The paper concludes that there must be a real concern that current social care outsourcing is impacting negatively on the health of voluntary sector workers. The article argues the influence of the market on these changes can only be adequately comprehended by rooting the analysis in an understanding of the way in which surrounding regulatory frameworks shape its structure and operation. Ten institutional factors are hypothesized to predict the occurrence of the alternative proposed strategies and the degree of organizational conformity or resistance to institutional pressures. However, it also highlights how some large charities are re-evaluating their position on employee representation in response to government legislation and that unions can use these developments to encourage further growth. It could be through conference attendance, group discussion or directed reading to name just a few examples. It shows that the income of the sample organisations increased from just over? The Development of the State Voluntary Sector Relationship and its Impact on Employment Relations 3.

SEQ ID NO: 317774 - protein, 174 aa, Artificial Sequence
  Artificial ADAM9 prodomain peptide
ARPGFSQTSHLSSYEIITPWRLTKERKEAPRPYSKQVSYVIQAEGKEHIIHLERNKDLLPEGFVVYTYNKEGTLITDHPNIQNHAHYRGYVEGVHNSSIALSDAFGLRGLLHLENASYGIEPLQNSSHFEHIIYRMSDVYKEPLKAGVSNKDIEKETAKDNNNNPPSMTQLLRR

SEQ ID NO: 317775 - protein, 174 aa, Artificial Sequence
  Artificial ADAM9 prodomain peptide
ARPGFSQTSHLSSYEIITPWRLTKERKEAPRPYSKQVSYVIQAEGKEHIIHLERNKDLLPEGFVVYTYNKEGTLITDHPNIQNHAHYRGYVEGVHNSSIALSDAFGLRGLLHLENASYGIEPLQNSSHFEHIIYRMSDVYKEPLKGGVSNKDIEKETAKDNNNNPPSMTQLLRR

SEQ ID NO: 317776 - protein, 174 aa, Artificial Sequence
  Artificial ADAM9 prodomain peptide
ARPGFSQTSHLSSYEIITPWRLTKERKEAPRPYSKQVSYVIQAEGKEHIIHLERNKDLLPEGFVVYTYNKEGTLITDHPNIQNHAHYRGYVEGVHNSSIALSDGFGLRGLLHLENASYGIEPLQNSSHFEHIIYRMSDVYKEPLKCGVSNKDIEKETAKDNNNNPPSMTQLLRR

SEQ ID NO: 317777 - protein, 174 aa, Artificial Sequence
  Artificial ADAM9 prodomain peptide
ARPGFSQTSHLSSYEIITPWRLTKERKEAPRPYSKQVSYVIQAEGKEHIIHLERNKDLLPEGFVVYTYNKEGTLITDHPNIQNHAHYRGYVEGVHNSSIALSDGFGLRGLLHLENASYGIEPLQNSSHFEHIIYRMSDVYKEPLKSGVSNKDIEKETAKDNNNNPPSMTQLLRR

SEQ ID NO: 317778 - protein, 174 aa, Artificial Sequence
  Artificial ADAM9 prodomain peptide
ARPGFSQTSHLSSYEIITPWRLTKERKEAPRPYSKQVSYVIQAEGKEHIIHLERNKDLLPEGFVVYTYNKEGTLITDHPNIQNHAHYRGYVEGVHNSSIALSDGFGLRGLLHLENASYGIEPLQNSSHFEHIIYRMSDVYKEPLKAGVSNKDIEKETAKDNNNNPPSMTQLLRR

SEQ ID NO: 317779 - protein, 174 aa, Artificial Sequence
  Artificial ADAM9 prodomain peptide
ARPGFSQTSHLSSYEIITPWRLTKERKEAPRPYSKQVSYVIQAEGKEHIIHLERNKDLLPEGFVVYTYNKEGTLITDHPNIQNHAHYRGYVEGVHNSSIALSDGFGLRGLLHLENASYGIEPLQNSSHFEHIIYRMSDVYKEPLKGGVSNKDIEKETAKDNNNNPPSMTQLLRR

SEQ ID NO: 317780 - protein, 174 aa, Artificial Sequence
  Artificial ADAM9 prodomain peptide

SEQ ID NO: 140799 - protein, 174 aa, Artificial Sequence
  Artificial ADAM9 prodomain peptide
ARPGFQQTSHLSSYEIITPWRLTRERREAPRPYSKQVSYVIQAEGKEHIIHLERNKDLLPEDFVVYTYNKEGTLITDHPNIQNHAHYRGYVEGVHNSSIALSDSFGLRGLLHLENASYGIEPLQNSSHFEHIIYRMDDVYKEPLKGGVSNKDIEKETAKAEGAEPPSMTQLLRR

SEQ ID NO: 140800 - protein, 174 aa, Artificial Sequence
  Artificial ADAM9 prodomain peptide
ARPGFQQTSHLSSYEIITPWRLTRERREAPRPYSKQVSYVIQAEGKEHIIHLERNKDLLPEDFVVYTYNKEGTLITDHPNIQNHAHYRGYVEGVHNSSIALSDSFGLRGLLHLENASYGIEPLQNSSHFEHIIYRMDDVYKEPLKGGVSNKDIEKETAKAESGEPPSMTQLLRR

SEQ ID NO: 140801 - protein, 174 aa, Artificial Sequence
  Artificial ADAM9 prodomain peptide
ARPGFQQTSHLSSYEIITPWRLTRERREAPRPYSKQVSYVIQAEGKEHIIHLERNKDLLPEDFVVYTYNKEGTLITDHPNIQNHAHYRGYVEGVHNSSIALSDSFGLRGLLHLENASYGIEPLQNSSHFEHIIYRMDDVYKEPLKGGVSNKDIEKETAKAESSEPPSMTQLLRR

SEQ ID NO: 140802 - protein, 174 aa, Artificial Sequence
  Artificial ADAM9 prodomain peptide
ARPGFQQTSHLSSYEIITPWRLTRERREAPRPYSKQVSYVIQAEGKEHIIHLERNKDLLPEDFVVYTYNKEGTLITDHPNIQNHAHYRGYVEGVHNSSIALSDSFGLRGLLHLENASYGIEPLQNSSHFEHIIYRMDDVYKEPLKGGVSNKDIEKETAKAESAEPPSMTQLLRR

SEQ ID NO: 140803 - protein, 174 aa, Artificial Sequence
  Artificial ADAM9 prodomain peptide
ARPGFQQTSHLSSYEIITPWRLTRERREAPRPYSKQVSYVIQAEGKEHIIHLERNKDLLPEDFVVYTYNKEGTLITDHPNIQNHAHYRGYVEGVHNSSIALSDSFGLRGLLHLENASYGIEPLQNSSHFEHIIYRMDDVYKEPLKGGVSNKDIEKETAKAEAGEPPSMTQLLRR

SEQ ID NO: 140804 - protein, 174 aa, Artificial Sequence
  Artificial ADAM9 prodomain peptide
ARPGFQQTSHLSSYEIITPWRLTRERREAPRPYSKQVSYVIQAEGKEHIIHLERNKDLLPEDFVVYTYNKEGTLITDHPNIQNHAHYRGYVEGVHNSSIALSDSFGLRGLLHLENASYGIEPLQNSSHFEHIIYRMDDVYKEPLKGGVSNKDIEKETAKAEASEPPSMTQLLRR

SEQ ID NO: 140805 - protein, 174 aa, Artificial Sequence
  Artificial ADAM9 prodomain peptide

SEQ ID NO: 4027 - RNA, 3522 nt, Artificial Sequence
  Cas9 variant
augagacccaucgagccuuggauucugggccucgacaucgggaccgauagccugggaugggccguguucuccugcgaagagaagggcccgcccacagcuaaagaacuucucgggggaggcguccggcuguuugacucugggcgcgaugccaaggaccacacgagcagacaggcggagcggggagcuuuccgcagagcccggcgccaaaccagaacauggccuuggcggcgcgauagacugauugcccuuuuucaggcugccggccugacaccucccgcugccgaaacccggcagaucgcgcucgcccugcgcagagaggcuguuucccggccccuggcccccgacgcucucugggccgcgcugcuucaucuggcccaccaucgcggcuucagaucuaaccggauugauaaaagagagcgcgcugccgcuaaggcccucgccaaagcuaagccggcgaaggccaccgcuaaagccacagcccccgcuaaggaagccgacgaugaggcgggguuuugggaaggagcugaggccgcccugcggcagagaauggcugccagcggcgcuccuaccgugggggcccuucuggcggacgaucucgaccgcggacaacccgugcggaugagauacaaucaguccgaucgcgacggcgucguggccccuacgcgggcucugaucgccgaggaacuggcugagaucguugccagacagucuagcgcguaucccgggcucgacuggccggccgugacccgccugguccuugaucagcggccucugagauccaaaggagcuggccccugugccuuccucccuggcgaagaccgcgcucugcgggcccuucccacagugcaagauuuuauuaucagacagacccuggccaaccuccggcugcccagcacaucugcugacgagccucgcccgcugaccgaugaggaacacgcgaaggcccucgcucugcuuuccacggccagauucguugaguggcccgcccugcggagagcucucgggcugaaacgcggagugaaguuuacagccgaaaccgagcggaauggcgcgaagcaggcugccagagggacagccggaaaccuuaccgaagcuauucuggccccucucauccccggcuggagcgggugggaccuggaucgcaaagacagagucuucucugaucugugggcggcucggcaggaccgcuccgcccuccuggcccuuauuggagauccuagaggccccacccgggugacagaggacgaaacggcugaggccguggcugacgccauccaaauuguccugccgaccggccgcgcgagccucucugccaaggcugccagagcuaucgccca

Moreover, continuation of aspects of the New Public Management agenda within Best Value means that pressure on pay and conditions in the sector persist, raising concerns regarding worker morale and quality of care. However, in simultaneously attending to social and economic goals, tensions develop that the case of leadership in schools exemplifies. Advocates of lean production argue that a work system is truly lean only if a given bundle of practices, including worker empowerment, is implemented in the proper configuration. The present study examines a number of organisations which have introduced empowering initiatives. It examines the efforts of workplace activists to defend terms and conditions and recruit and retain members in two voluntary organisations in the context of the sector's close relationship with external state funding and regulatory bodies. Little sign of increased commitment was evident after the introduction of the initiative and management controls seemed to have tightened rather than loosened.